O truant muse, what shall be thy amends
For thy neglect of truth in beauty dyed ?
Both truth and beauty on my love depends ;
So dost thou too, and therein dignified.
Make answer, muse. Wilt thou not haply say
'Truth needs no colour with his colour fixed,
Beauty no pencil beauty's truth to lay,
But best is best if never intermixed'?
Because he needs no praise wilt thou be dumb ?
Excuse not silence so, for't lies in thee
To make him much outlive a gilded tomb,
And to be praised of ages yet to be.
   Then do thy office, muse ; I teach thee how
   To make him seem long hence as he shows now.

My love is strengthened, though more weak in seeming.
I love not less, though less the show appear.
That love is merchandized whose rich esteeming
The owner's tongue doth publish everywhere.
Our love was new and then but in the spring
When I was wont to greet it with my lays,
As Philomel in summer's front doth sing,
And stops her pipe in growth of riper days -
Not that the summer is less pleasant now
Than when her mournful hymns did hush the night,
But that wild music burdens every bough,
And sweets grown common lose their dear delight.
   Therefore like her I sometime hold my tongue,
   Because I would not dull you with my song.

Alack, what poverty my muse brings forth
That, having such a scope to show her pride,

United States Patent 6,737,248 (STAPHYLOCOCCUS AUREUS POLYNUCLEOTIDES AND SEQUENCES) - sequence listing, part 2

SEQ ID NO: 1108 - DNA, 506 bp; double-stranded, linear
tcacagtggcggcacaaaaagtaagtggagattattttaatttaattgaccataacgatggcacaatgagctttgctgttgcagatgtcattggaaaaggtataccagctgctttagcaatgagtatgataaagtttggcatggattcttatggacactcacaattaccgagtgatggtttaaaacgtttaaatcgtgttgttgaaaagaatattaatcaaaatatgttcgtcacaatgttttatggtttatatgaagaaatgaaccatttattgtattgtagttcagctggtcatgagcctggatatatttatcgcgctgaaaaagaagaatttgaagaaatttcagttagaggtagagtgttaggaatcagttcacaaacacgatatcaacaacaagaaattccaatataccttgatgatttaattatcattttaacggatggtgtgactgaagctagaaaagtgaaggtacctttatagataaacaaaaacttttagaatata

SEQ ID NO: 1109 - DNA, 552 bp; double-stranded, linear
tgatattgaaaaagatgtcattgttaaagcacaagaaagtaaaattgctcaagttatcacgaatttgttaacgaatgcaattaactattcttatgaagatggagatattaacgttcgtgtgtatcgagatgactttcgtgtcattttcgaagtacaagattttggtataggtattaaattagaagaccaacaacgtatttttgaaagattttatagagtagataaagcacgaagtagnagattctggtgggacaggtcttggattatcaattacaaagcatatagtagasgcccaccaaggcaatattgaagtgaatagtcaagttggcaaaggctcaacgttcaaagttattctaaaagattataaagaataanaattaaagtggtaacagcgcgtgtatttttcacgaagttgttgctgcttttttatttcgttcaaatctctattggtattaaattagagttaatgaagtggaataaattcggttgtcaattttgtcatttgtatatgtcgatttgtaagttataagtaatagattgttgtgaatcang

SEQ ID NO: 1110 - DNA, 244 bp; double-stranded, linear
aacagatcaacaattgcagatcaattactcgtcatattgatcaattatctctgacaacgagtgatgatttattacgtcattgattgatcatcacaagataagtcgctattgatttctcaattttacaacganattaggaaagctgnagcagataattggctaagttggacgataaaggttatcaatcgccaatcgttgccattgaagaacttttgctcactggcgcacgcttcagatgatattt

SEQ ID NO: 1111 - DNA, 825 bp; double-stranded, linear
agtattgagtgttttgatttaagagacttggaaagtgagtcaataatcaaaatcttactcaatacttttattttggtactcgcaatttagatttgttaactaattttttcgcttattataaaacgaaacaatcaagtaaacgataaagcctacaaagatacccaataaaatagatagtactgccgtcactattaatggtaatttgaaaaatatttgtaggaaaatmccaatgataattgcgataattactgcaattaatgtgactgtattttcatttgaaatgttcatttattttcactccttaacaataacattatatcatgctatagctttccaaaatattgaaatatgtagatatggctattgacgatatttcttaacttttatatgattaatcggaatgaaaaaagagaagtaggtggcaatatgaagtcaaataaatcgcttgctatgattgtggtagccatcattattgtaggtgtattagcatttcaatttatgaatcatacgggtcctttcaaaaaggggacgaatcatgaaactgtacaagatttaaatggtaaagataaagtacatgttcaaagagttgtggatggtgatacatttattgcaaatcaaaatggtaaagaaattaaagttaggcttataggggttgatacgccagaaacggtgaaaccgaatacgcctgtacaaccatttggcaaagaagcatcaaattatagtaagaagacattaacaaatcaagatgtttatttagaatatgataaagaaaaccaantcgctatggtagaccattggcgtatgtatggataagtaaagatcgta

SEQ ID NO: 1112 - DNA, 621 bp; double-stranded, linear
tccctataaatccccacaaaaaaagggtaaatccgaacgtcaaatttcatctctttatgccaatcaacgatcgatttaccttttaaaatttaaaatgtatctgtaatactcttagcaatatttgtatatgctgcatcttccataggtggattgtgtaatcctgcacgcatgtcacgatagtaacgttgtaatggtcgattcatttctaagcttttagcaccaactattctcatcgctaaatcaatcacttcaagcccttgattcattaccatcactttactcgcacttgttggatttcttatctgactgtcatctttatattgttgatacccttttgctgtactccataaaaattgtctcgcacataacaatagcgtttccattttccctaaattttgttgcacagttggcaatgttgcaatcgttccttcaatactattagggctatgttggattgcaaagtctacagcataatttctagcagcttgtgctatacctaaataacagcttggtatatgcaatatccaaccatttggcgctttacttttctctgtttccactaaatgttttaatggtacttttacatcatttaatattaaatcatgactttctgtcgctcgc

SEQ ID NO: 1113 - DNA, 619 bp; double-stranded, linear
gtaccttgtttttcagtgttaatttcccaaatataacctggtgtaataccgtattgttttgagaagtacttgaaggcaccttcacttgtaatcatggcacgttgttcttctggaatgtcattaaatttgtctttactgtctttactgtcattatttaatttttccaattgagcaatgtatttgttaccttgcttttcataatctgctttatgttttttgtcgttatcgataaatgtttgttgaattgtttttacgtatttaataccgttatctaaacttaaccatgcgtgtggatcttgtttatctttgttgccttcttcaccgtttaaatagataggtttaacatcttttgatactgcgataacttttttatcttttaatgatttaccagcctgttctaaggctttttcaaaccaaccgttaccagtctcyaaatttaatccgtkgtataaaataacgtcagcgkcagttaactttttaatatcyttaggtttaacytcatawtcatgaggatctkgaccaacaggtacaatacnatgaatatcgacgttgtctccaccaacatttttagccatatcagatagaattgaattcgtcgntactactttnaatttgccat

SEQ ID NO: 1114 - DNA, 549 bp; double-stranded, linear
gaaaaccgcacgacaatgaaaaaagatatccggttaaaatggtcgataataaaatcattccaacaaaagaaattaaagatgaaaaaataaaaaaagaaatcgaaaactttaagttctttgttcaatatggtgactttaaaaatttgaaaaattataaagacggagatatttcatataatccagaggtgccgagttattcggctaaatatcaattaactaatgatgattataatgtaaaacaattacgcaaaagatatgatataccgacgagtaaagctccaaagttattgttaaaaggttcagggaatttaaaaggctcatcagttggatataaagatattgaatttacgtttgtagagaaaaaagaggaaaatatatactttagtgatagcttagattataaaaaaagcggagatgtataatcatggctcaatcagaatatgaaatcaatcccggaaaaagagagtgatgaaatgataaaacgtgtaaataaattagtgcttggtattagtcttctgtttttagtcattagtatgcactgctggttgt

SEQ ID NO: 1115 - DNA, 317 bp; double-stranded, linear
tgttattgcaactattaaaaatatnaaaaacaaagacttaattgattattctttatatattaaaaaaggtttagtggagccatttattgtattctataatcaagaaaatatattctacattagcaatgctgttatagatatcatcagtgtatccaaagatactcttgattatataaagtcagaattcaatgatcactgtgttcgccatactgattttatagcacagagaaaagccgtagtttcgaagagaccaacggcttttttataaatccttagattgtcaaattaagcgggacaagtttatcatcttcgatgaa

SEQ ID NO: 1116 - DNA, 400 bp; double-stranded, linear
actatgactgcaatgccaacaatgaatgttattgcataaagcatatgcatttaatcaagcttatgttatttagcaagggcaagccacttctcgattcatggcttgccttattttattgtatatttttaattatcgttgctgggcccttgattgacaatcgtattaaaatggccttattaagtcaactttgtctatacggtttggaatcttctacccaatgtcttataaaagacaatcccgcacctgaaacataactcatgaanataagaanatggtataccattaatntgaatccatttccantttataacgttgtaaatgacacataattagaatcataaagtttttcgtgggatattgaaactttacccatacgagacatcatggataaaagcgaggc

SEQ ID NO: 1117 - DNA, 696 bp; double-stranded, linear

The argument all bare is of more worth
Than when it hath my added praise beside !
O blame me not if I no more can write !
Look in your glass and there appears a face
That overgoes my blunt invention quite,
Dulling my lines and doing me disgrace.
Were it not sinful then, striving to mend,
To mar the subject that before was well ? -
For to no other pass my verses tend
Than of your graces and your gifts to tell ;
   And more, much more, than in my verse can sit
   Your own glass shows you when you look in it.

To me, fair friend, you never can be old ;
For as you were when first your eye I eyed,
Such seems your beauty still. Three winters cold
Have from the forests shook three summers' pride ;
Three beauteous springs to yellow autumn turned
In process of the seasons have I seen,
Three April perfumes in three hot Junes burned
Since first I saw you fresh, which yet are green.
Ah yet doth beauty, like a dial hand,
Steal from his figure and no pace perceived ;
So your sweet hue, which methinks still doth stand,
Hath motion, and mine eye may be deceived.
   For fear of which, her this, thou age unbred :
   Ere you were born was beauty's summer dead.

Let not my love be called idolatry,
Nor my belovèd as an idol show,
Since all alike my songs and praises be
To one, of one, still such, and ever so.
Kind is my love today, tomorrow kind,
Still constant in a wondrous excellence.
Therefore my verse, to constancy confined,
One thing expressing, leaves out difference.
'Fair, kind, and true' is all my argument,
'Fair, kind, and true' varying to other words,
And in this change is my invention spent,
Three themes on one, which wondrous scope affords.
   Fair, kind, and true have often lived alone,
   Which three till now never kept seat in one.


When in the chronicle of wasted time